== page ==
Skip to main content

Book Excerpt: Muhammad Ali: Champion

Muhammad Ali: Champion

Written by Arlene Schulman
Published by Lerner Publications

They would sit at night, and he would tell her that he was going to be the champion of the world. In their ramshackle house in Louisville, Kentucky, when the sun had set and the lights were out, 12-year-old Cassius Clay told his mother of his dream. He would knock out opponents one by one, raise his hands in victory as the ring announcer introduced him as the new world champion, and become rich and famous.

"One night I heard (heavyweight champion) Rocky Marciano fighting on the radio," he said. "It sounded so big and powerful and exciting."

Cassius Marcellus Clay was born on January 17, 1942 in Louisville. The first of two sons born to Odessa Clay and Cassius Clay Sr., Cassius Jr. demonstrated his fondness for attention even at an early age. Mrs. Clay, exhausted from a difficult delivery, could hear her young son cry and scream and wake up the other babies in the hospital.

"Gee-gee, gee-gee," were Cassius's first words, his mother said. He later claimed he was trying to say "Golden Gloves", the name of a prestigious national boxing tournament that he won twice as a teenager. "When he was a child, he never sat still," his mother recalled. "He walked and talked before his time."

Black Louisville was divided into three sections - East End, the California area, and West End, where the Clays lived. Like most of the families in the neighborhood, they were poor. The family car was always at least 10 years old with worn-out tires. The house always needed painting. The front porch sagged, and during rainy weather, water leaked through the roof and walls. Many of the children's clothes were secondhand. Once in while, the Clays were able to afford a new shirt or a new pair of pants for Cassius and his younger brother, Rudy - but not often.

Comments

Popular posts from this blog

My Year (or so) with the New York Yankees

...At the old Yankee Stadium, the press box rose high up above home plate and over to the left side and consisted of a few rows of countertops, outlets and chairs, with broadcast booths, and a smaller press box where I sat with the men of the Black and Hispanic press and TV and radio reporters. The Yankees official box sat off to the left, and Eddie Layton’s Hammond organ called outCharge!from the far right. This was the generation of technology that followed the electric typewriter and before cell phones, email, texting and the Internet. The state-of-the-art computer at the time was a heavy black Radio Shack laptop with a tiny screen of four or five lines. One older sportswriter still used a typewriter, and the clickety-clack of the keys made me think of the movie,The Front Page.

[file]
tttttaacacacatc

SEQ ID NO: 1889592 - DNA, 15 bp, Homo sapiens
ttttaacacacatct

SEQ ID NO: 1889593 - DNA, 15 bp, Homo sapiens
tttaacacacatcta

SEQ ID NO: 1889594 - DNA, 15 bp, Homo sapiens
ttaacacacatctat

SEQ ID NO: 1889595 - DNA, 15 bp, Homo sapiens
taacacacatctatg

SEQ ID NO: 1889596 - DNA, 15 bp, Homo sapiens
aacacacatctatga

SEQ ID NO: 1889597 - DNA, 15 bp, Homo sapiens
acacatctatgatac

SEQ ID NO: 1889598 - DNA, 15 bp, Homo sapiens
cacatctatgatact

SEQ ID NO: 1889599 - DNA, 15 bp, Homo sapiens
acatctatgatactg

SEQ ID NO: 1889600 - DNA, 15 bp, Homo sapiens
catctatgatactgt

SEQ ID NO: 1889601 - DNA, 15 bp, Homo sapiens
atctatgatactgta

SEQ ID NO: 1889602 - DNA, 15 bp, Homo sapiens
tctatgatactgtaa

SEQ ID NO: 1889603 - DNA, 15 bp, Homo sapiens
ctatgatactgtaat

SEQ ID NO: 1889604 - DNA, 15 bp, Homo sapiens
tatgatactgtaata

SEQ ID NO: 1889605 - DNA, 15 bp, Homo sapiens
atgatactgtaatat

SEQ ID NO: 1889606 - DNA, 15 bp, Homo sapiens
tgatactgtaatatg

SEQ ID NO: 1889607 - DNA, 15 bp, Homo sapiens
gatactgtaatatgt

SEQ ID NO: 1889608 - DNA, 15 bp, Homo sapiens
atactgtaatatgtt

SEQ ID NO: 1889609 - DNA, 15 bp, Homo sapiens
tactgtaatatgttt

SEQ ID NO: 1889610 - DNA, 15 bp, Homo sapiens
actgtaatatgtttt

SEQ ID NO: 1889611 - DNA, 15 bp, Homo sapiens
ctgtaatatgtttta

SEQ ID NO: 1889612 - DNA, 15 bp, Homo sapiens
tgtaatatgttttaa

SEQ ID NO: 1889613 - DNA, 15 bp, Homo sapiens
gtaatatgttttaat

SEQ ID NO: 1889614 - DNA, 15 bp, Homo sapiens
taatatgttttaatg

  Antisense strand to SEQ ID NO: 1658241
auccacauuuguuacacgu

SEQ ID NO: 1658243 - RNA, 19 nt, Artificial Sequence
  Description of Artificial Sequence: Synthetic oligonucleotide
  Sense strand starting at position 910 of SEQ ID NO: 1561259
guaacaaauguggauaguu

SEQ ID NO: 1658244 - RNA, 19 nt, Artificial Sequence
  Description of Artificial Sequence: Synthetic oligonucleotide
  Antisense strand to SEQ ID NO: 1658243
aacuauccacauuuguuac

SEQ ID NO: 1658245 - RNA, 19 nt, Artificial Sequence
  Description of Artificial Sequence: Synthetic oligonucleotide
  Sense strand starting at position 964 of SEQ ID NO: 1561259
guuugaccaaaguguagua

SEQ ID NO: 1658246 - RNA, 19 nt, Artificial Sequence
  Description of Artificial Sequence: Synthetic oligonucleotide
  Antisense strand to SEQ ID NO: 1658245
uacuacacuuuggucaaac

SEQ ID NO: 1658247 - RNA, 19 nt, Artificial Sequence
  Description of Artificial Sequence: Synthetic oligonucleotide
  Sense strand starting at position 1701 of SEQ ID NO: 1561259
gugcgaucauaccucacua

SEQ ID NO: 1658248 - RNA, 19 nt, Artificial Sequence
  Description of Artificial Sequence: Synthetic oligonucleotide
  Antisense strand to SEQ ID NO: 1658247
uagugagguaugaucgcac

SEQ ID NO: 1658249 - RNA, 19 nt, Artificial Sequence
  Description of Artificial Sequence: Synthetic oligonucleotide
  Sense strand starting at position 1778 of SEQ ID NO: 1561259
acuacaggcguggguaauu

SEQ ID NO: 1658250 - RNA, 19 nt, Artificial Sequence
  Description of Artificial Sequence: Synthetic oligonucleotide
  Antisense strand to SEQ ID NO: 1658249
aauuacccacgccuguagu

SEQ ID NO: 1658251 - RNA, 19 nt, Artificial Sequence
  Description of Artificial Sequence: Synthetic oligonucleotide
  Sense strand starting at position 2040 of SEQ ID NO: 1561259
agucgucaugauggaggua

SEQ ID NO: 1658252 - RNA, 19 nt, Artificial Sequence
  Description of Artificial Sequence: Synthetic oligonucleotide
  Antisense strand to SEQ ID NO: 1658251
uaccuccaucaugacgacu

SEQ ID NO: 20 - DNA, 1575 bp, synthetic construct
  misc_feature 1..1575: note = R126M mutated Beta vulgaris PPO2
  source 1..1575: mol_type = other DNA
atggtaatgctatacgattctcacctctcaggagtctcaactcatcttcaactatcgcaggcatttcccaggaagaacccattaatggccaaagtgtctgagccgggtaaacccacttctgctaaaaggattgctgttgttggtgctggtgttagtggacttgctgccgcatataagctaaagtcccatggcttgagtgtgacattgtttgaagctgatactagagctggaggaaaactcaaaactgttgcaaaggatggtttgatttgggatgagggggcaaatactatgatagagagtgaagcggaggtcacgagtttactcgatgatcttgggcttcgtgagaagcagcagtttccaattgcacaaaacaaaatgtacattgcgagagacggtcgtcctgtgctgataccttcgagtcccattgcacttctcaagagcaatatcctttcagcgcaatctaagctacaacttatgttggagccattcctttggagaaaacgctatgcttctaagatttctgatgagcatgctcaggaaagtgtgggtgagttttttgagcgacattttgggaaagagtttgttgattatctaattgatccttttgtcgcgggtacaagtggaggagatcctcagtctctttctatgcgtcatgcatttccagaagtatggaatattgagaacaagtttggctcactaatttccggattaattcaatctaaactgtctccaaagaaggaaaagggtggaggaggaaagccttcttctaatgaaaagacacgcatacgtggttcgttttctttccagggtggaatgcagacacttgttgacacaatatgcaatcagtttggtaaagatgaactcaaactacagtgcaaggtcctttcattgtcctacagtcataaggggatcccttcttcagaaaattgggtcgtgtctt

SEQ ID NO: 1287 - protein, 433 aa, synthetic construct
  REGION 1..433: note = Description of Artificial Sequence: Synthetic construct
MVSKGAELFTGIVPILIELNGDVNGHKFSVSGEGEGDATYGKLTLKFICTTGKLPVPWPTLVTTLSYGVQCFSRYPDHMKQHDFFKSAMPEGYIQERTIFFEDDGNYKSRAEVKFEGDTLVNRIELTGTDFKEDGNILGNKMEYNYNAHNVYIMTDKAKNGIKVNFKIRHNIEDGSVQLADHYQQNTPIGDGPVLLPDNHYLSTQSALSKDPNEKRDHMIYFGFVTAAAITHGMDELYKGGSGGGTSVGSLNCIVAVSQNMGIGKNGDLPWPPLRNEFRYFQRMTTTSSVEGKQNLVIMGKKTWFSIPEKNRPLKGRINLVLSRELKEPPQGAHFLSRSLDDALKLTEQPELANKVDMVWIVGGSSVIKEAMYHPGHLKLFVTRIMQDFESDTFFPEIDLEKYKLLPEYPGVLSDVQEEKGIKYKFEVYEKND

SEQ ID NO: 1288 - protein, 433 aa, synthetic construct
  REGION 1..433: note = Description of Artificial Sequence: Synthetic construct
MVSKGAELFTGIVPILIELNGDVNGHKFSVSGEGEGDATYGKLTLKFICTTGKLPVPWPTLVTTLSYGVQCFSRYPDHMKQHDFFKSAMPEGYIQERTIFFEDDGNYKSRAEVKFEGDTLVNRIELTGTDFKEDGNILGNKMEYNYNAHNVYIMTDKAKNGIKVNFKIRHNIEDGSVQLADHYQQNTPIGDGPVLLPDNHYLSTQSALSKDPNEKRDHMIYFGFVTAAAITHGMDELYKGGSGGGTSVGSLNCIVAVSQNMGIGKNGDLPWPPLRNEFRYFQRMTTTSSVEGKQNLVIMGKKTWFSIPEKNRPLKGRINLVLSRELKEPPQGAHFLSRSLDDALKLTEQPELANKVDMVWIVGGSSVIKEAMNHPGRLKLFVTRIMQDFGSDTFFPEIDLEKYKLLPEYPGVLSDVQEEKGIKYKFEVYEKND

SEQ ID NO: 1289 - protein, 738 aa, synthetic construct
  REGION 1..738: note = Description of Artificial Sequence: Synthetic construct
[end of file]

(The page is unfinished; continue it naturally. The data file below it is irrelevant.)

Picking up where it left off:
Most of the older men—and almost everyone was older then me—wore plaid short-sleeved shirts under tweed sport jackets, even during the warmer weather. They reminded me of Oscar Madison. At least these men had…

NYPL: Bridging Our Stories - Detective Thomas Troppmann of the NYPD's 34th Precinct

Meet Detective Specialist Thomas Troppmann of the 34th Precinct, which covers Washington Heights and Inwood.

Detective Troppmann has spent his entire 30- year career on patrol in uptown Manhattan, a  rarity for one officer to remain on patrol for that long AND in the same precinct. He was a rookie police officer the same year his new partner, Detective Specialist Edwin Rodriguez, was born. These two have partnered up for the NYPD's newest community based policing program, Neighborhood Coordination Officers, a more high tech and targeted brand of beat cop.

In this wide-ranging conversation, Detective Troppmann talks about  the changes he's witnessed in "MY neighborhood", how he feels about body cams, changes in technology since he came on the job,  his relationship with his partner Rodriguez, being mistaken for Police Commissioner James O'Neill, corruption, getting older, and how the jocular relationship of the locker room evaporated into a silent, sad stillness fol…

Steve Bonano of the NYPD: 1961 to 2015

Sometimes people bond over the smallest things.
     Sitting behind his captain’s desk covered with files, complaint reports, and official NYPD notifications along with my Timberland boots perched at the edge, Steve Bonano and I discovered that we had the same sophisticated culinary palate. It was uncanny. We both dined at the same establishment but at different branches and knew the menu as intimately as the chef. We ate there more than we cared to admit, which likely accounted for his slightly chubby physique and as I call myself, svelte with a twist.
     “I always order at Taco Bell”  my sentence began and Steve chimed in at the same time. “Combo number three!”
     We both laughed and exclaimed, “Three tacos and a soda!”
      Each time we saw each other we called out “Combo number three!” I can still hear his laugh.
     Many people knew him better than I did. My time was spent sitting in his office chatting about life on the job. During my two years embedded in the 23rd P…